d the Carthaginians
in 263 B.C. (Plin. NH xxxv. 22; see TABULA VALERIA (2)). It was
restored by Sulla in 80 B.C. and somewhat enlarged, the statues of
Pythagoras and Alcibiades, which had stood at the corners of the Comitium,
being removed (Plin. xxxiv. 26; cf. Dio xl. 49). In 52 B.C. it was
burnt down by the partisans of Clodius and rebuilt by Sulla's son Faustus
(Cic. pro Mil. 90, and Ascon. in loc. ; Pp. 29, 40, ed. Kiessling and Schoell.
Dio, loc. cit.; Cic. de fin. v. 2
(written in 45 B.C.): Curiam nostram, Hostiliam dico, non hanc novam,
quae minor mihi videtur postquam est maior, must also refer to this
curia, and not to that of the elder Sulla, as Richter, 94, thinks).
In 44 B.C. it was decided to build a new curia (Dio xliv. 5: e)peidh\ to\
*osti/lion kai/per a)noikodomhqe\n kaqh|re/qh). Part of its site was occupied
by the temple of FELICITAS (q.v.). The curia was, like the comitium,
inaugurated as a templum (Varro ap. Gell. xiv. 7. 7).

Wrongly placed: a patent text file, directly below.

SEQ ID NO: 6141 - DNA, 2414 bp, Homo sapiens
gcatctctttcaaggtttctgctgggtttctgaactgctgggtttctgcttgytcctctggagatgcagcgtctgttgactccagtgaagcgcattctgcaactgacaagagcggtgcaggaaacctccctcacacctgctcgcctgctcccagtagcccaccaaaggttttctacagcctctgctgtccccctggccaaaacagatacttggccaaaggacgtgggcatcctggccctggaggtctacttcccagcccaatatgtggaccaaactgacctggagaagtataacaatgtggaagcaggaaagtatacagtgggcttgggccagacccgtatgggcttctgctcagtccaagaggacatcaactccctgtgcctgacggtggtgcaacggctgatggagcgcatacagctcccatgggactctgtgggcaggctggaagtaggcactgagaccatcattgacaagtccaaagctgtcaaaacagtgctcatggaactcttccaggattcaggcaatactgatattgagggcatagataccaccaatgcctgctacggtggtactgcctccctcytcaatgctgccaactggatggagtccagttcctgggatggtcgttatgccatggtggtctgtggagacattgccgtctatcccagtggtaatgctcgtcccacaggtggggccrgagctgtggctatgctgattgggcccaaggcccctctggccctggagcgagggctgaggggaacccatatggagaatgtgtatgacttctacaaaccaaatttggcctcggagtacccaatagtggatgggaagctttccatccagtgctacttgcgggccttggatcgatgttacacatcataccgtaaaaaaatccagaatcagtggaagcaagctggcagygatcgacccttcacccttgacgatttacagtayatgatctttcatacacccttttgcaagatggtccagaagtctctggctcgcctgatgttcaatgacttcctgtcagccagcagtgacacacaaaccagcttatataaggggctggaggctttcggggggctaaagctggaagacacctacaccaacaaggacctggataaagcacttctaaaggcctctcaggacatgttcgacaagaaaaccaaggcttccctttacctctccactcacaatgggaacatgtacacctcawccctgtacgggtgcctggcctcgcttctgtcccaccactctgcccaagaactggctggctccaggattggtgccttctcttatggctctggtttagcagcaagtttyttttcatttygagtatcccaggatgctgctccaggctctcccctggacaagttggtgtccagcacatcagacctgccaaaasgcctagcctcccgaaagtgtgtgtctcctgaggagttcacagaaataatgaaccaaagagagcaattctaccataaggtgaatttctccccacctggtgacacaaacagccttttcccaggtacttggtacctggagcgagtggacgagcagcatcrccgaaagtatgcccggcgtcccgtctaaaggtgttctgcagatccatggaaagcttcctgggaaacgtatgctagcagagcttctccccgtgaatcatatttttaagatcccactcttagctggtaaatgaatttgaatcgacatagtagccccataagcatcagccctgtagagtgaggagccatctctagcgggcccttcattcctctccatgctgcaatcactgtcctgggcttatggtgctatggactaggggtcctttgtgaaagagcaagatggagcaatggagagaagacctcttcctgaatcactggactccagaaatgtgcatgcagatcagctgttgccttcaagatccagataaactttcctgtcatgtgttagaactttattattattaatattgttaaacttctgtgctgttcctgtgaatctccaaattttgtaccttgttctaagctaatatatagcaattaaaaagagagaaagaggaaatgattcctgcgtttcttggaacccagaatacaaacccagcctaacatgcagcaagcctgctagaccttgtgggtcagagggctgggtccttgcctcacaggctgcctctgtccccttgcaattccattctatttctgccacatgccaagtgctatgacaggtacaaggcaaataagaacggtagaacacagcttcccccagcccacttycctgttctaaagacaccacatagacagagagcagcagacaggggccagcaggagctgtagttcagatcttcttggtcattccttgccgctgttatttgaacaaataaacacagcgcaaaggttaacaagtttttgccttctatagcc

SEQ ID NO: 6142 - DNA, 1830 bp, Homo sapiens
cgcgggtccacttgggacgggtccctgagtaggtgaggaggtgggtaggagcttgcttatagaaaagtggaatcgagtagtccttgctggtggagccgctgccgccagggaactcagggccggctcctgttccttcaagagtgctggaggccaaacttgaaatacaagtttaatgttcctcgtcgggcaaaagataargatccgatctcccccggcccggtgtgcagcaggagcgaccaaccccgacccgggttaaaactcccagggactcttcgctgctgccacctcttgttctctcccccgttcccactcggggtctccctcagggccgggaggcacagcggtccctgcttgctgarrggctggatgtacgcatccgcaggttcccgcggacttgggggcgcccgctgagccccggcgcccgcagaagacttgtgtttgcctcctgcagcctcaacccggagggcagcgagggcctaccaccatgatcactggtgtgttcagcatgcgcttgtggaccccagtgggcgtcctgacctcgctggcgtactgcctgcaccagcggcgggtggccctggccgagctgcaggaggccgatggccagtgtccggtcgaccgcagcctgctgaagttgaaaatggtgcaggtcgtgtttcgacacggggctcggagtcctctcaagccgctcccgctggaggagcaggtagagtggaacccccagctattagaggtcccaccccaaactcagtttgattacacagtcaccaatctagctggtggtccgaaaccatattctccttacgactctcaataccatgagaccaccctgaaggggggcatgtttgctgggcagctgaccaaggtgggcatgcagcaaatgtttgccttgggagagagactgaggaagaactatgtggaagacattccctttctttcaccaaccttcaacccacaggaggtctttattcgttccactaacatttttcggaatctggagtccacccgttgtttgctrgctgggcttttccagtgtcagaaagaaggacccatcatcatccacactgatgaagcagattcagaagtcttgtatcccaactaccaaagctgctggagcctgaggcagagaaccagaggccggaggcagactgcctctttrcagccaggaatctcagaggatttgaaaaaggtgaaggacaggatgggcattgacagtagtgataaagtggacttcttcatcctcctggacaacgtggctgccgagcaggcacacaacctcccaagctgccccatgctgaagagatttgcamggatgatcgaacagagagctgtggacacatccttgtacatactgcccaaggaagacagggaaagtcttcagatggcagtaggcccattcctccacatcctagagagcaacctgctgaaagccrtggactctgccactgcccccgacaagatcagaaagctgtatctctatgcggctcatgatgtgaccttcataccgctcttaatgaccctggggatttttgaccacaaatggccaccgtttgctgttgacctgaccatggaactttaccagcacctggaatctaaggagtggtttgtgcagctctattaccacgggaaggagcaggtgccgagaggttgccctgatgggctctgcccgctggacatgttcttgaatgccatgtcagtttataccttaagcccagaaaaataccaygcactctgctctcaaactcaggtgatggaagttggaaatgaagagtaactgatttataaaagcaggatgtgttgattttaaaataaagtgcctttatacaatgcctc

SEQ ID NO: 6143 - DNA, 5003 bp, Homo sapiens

According to what we know of the
re above the floor of the Comitium.' It has a fine pavement of
Monte Verde tufa, along the front of which runs a raised kerb. According
to one view these monuments are attributable to the period of Sulla
(JRS 1922, 21-25 ; Mitt. 1905, 32-39; TF 61-66). Whether the 'Tomb
of Romulus ' was hidden from view at this period or later, is uncertain.
The curved front of the rostra, as represented by the canalis with
the beaks of ships with which it was adorned, is held to be represented in
a coin of 45 B.C. of Lollius Palikanus (HC p. 69, fig. 26; BM. Rep. i. 517,
4011-3). The arcade at the back of the rostra Augusti, which Boni
(NS 1900, 627-634) has called the rostra Caesaris, belongs to the time of
Sulla, and is simply a low viaduct to support the CLIVUS CAPITOLINUS
(q.v.) and a street branching off from it (P1. 227-228; CR 1901, 87-89;
HC cit., Mitt. 1902, 13-16; 1905, 14-15, 25; JRS 1922, 15-16).
On the rostra, see Jord. i. 2. 353-355; Petersen, Comitium, Rostra,
Grab des Romulus (Rome 19